A Tale of Two NFL Owners, One a Winner, One a Loser, and What President Trump Can Learn From Them

Donald Trump as owner of the short-lived New Jersey Generals of the USFL.

One of the hard lessons I learned as a Washington editor was to be wary of people who own sports teams. The owners I dealt with had lots of money and lawyers and were a little…it’s hard to think of just the right word…they’re not normal.

The two who gave me the most headaches as editor of the Washingtonian were Jack Kent Cooke, owner of the Washington Redskins from 1974 until he died in 1997, and Daniel Snyder, who bought the team in 1999.

Jack—you had to call him Mr. Cooke—had made a lot of money in cable television and was kind of a Donald Trump character—loud and bullying. Like President Trump, he also had a lot of woman problems, which led to our most expensive legal trouble with him.

In 1988, at the age of 74, he had gone to the altar for the third time, marrying  Suzanne Martin, then 31. Soon there was a baby, Jacqueline, and then a divorce. The Washingtonian ran a cover story by Kitty Kelley about Suzanne’s life with Jack, with Suzanne supplying Kitty with the kind of details that would drive any man crazy.

In 1989 we followed up with another story, “Driving Mr. Cooke,” in which his onetime chauffeur disclosed some unattractive details about what it was like working for Mr. Cooke. Still seething over the Kitty Kelley story, he said enough is enough—he filed a lawsuit.

It would take 10,000 words to capture the drama and cost of that lawsuit. Jack seemed more interested in making our life miserable than in any settlement.

A favorite legal moment: We were taking the deposition of Marlene Cooke, also known as the Bolivian bombshell, who had become Jack’s fourth wife. On one side of a long table I sat with Sam Wood, our attorney. On the other side were Marlene, Jack, and six lawyers, including Milton Gould, the name partner of Shea & Gould, a prominent New York firm. Among the other five lawyers was Washington’s leading African-American lawyer. Sam, our lone lawyer, was in his 30s and had a boyish look.

As we were taking a noon break from the deposition, the stenographer turned off her machine. As we started to get up, Jack said, “Mr. Wood, my friends in Baltimore tell me you have been educated beyond your intelligence.”

Without missing a beat, Sam said, “Mr. Cooke, my friends in Washington tell me you’re an asshole.”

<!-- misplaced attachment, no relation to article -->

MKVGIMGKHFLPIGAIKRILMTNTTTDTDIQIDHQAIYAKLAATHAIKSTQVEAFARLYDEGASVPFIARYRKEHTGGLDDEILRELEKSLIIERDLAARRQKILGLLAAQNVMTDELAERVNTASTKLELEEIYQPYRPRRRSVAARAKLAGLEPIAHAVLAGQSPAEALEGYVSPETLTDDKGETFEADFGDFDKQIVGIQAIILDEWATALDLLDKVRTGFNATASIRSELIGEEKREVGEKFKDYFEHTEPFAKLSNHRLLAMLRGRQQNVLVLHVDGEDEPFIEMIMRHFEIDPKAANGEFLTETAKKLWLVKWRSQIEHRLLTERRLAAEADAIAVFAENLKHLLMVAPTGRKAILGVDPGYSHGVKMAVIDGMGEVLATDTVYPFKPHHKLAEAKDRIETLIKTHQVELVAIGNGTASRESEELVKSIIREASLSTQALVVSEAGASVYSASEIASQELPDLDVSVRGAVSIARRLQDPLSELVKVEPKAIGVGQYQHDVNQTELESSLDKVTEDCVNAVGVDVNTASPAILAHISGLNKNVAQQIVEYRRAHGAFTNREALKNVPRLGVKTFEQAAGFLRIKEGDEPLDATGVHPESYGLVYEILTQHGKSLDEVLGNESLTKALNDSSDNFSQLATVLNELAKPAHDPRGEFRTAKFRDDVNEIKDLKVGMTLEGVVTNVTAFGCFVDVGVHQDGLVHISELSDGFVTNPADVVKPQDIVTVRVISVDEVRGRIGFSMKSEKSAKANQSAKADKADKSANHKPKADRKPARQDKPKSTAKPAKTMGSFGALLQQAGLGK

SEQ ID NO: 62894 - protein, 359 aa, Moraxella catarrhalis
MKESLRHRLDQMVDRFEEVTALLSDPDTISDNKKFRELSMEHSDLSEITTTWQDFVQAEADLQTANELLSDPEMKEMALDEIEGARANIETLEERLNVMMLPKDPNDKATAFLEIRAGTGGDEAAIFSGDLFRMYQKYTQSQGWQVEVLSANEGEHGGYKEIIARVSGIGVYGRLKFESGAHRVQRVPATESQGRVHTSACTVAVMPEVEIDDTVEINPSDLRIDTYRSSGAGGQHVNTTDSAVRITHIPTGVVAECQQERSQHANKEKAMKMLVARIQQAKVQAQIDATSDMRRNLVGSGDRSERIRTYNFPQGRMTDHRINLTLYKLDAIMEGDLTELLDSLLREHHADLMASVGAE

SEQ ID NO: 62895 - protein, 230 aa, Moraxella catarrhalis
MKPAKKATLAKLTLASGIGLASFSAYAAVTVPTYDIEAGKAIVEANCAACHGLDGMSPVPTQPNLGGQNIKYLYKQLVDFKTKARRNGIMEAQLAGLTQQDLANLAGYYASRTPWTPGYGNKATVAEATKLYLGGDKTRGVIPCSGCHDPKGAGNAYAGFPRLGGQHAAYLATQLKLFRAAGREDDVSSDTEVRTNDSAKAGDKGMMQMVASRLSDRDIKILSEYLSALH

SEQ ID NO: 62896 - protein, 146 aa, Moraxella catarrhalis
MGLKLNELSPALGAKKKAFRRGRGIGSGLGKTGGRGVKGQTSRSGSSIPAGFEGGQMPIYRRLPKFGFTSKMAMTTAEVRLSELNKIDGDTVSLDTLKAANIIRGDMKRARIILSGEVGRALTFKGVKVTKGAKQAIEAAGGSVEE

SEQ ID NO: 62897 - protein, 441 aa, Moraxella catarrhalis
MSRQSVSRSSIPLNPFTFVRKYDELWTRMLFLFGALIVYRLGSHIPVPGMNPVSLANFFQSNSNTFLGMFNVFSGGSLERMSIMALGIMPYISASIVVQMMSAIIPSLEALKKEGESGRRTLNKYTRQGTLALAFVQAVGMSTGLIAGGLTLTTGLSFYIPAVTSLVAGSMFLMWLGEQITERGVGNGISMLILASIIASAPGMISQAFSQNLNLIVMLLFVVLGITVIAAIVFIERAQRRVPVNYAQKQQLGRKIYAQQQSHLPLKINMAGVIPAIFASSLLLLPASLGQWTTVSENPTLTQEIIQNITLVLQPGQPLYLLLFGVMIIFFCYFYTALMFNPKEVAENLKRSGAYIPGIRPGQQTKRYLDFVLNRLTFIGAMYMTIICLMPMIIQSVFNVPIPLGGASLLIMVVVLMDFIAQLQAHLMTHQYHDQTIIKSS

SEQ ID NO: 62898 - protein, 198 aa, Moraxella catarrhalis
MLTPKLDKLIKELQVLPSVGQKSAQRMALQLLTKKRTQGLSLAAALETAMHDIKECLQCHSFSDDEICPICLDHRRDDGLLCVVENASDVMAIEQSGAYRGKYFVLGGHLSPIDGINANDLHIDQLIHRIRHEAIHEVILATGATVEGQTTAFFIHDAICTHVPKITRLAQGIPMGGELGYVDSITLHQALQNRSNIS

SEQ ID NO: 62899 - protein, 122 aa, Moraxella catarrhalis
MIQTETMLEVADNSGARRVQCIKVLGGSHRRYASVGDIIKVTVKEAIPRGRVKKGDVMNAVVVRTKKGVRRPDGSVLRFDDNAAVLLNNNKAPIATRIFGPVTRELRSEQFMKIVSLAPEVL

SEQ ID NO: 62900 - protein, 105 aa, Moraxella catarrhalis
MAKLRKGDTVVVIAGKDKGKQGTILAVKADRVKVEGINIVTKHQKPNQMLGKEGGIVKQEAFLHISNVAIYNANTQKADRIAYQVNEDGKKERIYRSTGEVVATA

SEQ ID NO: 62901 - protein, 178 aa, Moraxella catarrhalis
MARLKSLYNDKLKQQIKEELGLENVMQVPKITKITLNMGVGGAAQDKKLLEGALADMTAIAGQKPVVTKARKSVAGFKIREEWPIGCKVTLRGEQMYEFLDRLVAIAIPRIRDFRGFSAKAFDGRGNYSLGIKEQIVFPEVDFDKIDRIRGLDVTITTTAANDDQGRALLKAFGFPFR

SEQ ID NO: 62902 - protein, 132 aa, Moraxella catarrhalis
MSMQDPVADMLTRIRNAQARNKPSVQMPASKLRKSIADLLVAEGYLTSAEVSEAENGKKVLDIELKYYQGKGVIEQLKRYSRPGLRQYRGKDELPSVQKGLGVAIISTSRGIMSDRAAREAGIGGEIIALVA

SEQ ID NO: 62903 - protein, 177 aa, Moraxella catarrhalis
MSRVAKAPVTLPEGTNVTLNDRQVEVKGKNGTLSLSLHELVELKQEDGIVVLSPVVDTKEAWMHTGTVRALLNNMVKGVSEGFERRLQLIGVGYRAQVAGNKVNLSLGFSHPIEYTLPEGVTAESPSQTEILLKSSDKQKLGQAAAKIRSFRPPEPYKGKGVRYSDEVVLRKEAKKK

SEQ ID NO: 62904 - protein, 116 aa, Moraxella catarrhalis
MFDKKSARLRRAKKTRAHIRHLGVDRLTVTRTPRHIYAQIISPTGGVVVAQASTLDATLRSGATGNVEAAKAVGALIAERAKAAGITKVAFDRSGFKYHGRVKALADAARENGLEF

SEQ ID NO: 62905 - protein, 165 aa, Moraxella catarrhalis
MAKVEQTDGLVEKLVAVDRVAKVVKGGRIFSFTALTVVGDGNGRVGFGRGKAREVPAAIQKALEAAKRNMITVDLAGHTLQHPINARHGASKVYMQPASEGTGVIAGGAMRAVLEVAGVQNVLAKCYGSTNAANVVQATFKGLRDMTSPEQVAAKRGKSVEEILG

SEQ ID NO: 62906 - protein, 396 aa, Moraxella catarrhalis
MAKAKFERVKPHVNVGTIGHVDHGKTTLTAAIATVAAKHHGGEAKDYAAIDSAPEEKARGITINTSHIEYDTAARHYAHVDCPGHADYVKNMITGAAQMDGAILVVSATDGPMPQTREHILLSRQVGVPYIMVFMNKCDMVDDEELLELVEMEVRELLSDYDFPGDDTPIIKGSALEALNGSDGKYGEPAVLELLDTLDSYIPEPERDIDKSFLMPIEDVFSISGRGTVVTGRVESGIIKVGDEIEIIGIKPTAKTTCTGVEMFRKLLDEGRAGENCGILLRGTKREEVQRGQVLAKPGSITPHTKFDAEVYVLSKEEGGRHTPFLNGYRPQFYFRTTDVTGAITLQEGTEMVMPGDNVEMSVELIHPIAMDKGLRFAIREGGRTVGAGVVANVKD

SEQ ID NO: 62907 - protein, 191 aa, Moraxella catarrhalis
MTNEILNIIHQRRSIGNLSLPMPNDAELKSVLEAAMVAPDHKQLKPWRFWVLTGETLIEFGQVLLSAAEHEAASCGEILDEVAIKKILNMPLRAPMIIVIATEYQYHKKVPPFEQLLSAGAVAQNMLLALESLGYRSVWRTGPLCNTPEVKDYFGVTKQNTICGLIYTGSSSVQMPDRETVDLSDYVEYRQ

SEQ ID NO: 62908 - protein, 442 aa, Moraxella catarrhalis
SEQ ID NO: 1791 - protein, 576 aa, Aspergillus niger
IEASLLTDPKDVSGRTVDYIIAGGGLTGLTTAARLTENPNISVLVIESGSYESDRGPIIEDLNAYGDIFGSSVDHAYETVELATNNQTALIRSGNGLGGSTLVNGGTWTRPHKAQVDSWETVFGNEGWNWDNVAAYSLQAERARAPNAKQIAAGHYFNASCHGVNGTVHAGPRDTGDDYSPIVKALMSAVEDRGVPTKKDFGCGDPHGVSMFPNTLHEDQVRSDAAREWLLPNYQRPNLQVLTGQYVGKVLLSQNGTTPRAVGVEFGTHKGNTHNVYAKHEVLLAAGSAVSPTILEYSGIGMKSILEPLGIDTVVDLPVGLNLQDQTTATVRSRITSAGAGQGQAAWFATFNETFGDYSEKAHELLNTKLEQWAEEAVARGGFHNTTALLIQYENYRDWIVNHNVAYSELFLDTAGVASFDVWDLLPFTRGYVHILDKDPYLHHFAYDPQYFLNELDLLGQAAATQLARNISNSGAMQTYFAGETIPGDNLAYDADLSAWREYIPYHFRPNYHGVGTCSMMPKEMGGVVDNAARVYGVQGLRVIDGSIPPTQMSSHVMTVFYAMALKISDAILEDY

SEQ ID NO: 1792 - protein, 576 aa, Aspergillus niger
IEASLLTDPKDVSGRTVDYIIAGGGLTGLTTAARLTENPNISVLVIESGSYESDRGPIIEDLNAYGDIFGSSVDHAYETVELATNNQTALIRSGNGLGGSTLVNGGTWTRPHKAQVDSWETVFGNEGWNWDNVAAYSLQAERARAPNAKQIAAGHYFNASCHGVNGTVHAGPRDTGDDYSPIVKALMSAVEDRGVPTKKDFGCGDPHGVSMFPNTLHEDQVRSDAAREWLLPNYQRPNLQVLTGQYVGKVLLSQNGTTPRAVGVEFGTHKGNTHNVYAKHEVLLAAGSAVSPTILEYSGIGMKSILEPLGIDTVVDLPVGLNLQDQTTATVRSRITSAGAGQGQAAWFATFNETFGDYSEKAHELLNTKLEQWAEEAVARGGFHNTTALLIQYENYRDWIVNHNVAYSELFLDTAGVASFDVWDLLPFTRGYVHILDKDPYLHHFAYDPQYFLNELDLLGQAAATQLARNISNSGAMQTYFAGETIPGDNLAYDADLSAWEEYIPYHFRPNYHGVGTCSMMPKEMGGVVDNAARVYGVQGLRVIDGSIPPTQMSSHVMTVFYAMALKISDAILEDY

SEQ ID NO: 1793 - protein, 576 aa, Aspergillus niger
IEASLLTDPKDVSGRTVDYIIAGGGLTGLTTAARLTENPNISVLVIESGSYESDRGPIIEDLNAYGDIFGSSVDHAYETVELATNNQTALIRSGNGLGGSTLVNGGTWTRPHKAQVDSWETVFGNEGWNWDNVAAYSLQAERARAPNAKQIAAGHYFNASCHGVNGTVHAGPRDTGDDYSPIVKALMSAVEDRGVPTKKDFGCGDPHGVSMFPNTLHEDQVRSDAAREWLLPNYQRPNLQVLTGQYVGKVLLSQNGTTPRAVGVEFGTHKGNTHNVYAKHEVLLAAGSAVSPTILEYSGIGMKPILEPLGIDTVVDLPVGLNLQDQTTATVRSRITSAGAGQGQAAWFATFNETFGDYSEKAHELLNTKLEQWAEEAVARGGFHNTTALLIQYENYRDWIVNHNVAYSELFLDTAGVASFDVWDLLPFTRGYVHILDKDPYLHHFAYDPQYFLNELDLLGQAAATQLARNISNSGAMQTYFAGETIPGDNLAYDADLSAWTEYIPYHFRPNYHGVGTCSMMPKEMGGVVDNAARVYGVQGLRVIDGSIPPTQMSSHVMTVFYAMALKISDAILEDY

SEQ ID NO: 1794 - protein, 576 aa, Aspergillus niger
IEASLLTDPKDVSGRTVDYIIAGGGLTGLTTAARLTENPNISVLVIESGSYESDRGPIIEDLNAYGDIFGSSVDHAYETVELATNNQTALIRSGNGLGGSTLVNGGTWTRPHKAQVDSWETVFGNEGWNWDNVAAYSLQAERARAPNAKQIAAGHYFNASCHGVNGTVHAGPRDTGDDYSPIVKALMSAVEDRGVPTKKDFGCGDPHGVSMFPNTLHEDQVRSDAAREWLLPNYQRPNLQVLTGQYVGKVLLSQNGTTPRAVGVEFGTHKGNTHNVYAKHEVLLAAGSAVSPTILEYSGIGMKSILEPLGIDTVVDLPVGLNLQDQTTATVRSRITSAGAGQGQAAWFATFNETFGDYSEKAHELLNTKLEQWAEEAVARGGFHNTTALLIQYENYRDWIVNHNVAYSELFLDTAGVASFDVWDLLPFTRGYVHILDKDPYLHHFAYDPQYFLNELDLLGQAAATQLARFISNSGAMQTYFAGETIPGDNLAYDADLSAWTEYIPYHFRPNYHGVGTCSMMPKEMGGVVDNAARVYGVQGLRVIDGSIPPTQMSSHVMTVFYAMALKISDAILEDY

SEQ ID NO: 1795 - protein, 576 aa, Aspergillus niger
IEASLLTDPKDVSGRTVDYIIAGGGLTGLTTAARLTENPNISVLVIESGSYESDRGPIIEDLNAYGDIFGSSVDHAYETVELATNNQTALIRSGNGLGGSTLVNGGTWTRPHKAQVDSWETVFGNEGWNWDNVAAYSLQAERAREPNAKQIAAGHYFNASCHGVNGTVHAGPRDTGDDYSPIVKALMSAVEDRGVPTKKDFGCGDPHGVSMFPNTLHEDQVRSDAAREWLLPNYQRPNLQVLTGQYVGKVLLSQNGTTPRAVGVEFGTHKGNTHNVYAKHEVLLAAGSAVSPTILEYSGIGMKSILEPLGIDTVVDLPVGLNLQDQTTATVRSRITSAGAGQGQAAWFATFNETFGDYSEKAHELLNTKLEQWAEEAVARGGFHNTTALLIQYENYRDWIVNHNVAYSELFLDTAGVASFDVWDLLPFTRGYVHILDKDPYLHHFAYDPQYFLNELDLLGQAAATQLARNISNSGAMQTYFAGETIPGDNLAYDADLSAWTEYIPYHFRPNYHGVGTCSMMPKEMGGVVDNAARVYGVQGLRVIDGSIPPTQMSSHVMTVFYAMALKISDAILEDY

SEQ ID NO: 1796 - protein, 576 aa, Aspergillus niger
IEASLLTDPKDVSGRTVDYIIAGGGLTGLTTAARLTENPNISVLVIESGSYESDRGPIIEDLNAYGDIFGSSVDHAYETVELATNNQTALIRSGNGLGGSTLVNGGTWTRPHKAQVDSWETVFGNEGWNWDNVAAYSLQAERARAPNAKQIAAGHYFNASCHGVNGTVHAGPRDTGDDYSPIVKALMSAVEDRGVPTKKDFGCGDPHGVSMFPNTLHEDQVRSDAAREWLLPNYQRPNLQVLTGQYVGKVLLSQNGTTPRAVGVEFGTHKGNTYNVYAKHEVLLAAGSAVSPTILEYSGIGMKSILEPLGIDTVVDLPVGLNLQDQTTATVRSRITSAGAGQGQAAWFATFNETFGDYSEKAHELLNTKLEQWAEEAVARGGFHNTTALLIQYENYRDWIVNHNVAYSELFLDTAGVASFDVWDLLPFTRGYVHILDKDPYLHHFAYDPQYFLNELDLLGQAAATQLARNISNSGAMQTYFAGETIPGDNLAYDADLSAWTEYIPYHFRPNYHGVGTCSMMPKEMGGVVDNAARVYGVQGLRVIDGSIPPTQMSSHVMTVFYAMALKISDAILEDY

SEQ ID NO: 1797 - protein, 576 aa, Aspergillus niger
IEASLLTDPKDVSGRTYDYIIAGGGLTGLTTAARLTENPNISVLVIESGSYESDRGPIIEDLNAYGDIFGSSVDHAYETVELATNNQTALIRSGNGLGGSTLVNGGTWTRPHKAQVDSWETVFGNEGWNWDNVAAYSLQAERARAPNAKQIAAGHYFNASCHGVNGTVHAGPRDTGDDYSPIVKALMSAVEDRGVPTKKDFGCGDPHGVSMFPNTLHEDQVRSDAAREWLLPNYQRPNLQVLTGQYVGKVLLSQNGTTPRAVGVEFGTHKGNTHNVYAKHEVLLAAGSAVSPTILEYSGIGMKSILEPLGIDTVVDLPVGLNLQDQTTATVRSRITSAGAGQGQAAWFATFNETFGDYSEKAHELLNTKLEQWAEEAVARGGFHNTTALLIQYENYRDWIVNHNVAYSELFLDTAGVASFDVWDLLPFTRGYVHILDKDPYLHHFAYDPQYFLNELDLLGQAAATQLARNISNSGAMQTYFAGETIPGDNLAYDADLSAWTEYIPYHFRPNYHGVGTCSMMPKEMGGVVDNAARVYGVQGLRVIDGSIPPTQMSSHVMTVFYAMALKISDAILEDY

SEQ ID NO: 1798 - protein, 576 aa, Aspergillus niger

Six months later and after about a million dollars in legal fees, the suit was settled for five figures.

After the litigation, Jack continued to call me to complain about our Redskins stories—that was before the Internet when we could attract attention and readers with gossip and inside stuff that the Washington Post didn’t have.  When he called, I learned to listen, say “Yes, Mr. Cooke,” and let him blow off steam, figuring that was better than having to talk to his lawyers. Mr. Cooke didn’t  believe in permanent enemies and he knew that sports teams benefit from lots of press coverage.

And he was a successful owner. He won three Super Bowls because he had one important virtue: He knew what he didn’t know. He hired Bobby Beathard as Redskins general manager and Joe Gibbs as coach. He was content to talk loudly and entertain important people in the owner’s box and pose with Super Bowl trophies while Beathard and Gibbs actually ran things.

Enter Dan Snyder in 1999—he bought the team for a record price of $800 million. Here’s Wikipedia—a bit condensed—on Snyder’s background:

In 1989, Snyder and his sister Michele founded a wallboard advertising company with seed money from his father, who took a second mortgage on his property, and his sister, who maxed out her credit cards at $35,000. They concentrated on wallboards in doctors’ offices and colleges. They married the ads with the distribution of product samples—such as soaps and packages of medicine. The business was a success and Snyder and his sister grew the business organically and through acquisitions and expanded its activities to all aspects of outsourced marketing, including direct marketing, database marketing, proprietary product sampling, sponsored information display, call centers, and field sales. In 1992, the company expanded into telemarketing. Snyder Communications revenues rose from $2.7 million in 1991 to $4.1 million in 1992 and $9 million in 1993.

In an initial public offering for Snyder Communications in 1996, Daniel Snyder became the youngest ever CEO of a NYSE listed company at the age of 32. Snyder’s investors, including media mogul Barry Diller and Democratic Party icon Robert Strauss, earned significant returns on their initial investment. Mortimer Zuckerman and Fred Drasner, whom Snyder owed $3 million from the failure of his first business venture, were given company stock, which ended up being worth more than $500 million. His parents sold their stock in the company for $60 million.